You can use Empowered Spell even if you have already used a different Metamagic option during the casting of the spell.
When you cast a spell that has a duration of 1 minute or longer, you can spend 1 sorcery point to double its duration, to a maximum duration of 24 hours.
When you cast a spell that forces a creature to make a saving throw to resist its effects, you can spend 3 sorcery points to give one target of the spell disadvantage on its first saving throw made against the spell.
When you cast a spell that has a casting time of 1 action, you can spend 2 sorcery points to change the casting time to 1 bonus action for this casting.
When you cast a spell, you can spend 1 sorcery point to cast it without any somatic or verbal components.
When you cast a spell that targets only one creature and doesn’t have a range of self, you can spend a number of sorcery points equal to the spell’s level to target a second creature in range with the same spell (1 sorcery point if the spell is a cantrip).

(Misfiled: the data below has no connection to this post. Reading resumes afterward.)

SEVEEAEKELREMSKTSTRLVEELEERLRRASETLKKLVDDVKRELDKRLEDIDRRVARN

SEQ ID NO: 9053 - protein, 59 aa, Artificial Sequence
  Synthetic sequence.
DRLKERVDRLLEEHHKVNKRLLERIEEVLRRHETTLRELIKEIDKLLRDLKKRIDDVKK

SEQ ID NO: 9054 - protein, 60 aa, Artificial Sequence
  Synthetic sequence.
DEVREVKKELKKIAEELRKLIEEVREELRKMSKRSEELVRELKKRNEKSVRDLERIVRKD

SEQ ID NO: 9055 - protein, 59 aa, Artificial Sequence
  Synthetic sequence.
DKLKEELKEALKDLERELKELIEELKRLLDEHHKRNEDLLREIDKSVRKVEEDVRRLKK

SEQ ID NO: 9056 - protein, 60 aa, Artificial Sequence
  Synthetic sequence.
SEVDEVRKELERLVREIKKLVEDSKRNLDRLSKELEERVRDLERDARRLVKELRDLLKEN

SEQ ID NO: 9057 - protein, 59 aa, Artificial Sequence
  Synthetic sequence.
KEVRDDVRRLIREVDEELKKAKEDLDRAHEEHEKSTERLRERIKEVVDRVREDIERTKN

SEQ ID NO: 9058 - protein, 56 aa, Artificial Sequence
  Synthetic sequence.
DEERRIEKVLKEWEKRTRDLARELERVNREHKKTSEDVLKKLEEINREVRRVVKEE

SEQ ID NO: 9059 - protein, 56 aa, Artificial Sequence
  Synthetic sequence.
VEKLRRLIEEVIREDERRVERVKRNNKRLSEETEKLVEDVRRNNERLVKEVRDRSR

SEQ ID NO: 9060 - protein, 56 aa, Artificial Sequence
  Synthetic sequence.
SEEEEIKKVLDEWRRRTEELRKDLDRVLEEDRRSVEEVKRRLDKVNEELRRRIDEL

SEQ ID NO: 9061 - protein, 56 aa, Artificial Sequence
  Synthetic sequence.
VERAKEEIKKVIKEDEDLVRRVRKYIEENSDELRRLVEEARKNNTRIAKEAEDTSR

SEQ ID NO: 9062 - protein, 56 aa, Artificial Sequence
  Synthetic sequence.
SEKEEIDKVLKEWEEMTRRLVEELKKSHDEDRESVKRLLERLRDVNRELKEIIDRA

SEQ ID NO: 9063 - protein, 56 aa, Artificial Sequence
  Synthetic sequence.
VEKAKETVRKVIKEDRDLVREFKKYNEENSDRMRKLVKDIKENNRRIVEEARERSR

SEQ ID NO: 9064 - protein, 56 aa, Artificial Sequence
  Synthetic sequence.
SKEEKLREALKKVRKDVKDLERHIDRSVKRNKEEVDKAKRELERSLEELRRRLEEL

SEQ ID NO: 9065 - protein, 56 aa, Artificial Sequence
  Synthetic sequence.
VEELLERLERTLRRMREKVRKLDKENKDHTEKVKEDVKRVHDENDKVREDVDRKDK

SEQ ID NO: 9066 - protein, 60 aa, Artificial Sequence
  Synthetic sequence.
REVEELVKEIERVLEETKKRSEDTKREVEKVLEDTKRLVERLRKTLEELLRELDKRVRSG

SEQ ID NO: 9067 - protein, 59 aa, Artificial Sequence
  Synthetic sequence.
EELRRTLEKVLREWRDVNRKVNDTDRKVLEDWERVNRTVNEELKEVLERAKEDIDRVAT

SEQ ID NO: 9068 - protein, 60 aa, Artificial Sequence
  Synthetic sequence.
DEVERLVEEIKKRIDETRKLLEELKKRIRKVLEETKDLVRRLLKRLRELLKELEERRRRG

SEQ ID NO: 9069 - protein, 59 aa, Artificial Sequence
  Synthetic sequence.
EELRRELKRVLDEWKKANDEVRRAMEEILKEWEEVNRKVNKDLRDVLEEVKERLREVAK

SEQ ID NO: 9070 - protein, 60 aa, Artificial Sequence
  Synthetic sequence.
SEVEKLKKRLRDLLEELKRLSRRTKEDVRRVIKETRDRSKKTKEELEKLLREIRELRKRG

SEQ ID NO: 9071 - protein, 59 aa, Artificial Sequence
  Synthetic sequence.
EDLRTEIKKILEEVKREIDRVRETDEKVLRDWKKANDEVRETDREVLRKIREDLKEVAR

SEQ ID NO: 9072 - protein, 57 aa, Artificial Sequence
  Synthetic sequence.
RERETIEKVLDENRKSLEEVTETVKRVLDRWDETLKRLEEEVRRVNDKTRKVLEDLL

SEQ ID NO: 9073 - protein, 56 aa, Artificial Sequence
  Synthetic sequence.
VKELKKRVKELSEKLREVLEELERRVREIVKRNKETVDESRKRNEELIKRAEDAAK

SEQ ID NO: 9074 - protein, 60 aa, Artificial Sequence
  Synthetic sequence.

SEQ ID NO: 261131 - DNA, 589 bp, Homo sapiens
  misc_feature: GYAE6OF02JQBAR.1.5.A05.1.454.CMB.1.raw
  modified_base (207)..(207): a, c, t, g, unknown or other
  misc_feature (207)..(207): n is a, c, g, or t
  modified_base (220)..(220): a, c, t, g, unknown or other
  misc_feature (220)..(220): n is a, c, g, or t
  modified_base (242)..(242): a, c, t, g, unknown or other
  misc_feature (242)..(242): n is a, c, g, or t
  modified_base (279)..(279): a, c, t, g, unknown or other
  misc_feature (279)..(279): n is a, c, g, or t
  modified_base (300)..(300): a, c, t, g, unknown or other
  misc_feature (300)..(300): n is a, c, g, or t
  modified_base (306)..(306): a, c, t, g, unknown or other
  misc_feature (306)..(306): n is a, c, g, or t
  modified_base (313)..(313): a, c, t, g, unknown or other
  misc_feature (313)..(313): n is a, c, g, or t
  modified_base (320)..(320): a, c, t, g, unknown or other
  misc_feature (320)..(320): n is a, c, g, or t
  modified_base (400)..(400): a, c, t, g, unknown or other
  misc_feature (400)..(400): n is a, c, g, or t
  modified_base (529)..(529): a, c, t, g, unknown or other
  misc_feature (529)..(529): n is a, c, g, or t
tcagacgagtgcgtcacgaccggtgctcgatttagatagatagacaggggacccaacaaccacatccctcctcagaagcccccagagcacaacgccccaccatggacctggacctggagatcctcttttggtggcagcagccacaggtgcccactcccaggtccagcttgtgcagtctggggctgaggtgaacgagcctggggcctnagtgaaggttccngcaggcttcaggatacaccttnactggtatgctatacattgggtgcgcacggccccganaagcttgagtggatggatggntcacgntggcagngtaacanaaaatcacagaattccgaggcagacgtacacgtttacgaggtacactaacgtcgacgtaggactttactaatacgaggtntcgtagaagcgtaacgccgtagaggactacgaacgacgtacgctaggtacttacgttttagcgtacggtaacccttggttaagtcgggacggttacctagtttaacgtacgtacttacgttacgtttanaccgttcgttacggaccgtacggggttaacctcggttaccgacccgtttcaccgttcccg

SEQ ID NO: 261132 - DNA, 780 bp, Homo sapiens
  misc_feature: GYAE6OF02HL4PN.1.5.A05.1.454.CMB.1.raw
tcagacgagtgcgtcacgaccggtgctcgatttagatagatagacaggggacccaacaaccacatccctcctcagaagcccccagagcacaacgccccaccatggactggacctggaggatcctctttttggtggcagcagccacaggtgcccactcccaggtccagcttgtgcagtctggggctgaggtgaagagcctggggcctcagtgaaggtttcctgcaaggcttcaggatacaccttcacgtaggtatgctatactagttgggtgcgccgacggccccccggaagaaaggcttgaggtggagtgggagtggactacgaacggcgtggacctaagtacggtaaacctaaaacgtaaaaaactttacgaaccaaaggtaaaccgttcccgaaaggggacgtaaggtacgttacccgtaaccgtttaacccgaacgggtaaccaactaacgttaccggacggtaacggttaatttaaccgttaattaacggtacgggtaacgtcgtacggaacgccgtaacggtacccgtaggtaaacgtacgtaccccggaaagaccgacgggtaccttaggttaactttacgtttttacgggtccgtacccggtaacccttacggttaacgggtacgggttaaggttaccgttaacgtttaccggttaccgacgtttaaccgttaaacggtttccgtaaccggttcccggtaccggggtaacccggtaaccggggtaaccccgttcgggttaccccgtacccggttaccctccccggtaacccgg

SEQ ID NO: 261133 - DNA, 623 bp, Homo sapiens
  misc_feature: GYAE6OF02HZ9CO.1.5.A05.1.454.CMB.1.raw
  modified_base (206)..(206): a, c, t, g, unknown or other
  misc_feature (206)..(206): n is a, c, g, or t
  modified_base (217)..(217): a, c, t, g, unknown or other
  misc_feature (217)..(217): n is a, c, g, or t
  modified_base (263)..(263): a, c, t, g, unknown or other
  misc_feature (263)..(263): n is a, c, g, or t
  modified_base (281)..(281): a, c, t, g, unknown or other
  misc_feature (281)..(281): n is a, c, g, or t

To be eligible, a spell must be incapable of targeting more than one creature at the spell’s current level. For example, magic missile and scorching ray aren’t eligible, but ray of frost and chromatic orb are.
Ability Score Improvement
When you reach 4th level, and again at 8th, 12th, 16th, and 19th level, you can increase one ability score of your choice by 2, or you can increase two ability scores of your choice by 1. As normal, you can’t increase an ability score above 20 using this feature.
Using the optional feats rule, you can forgo taking this feature to take a feat of your choice instead.
At 20th level, you regain 4 expended sorcery points whenever you finish a short rest.
Different sorcerers claim different origins for their innate magic. Although many variations exist, most of these origins fall into two categories: a draconic bloodline and wild magic. Choose the draconic bloodline below or one from another source.
Divine Soul+ -
Draconic Bloodline+ -
Giant Soul+ -
Shadow Magic+ -
Storm Sorcery+ -
Wild Magic+ -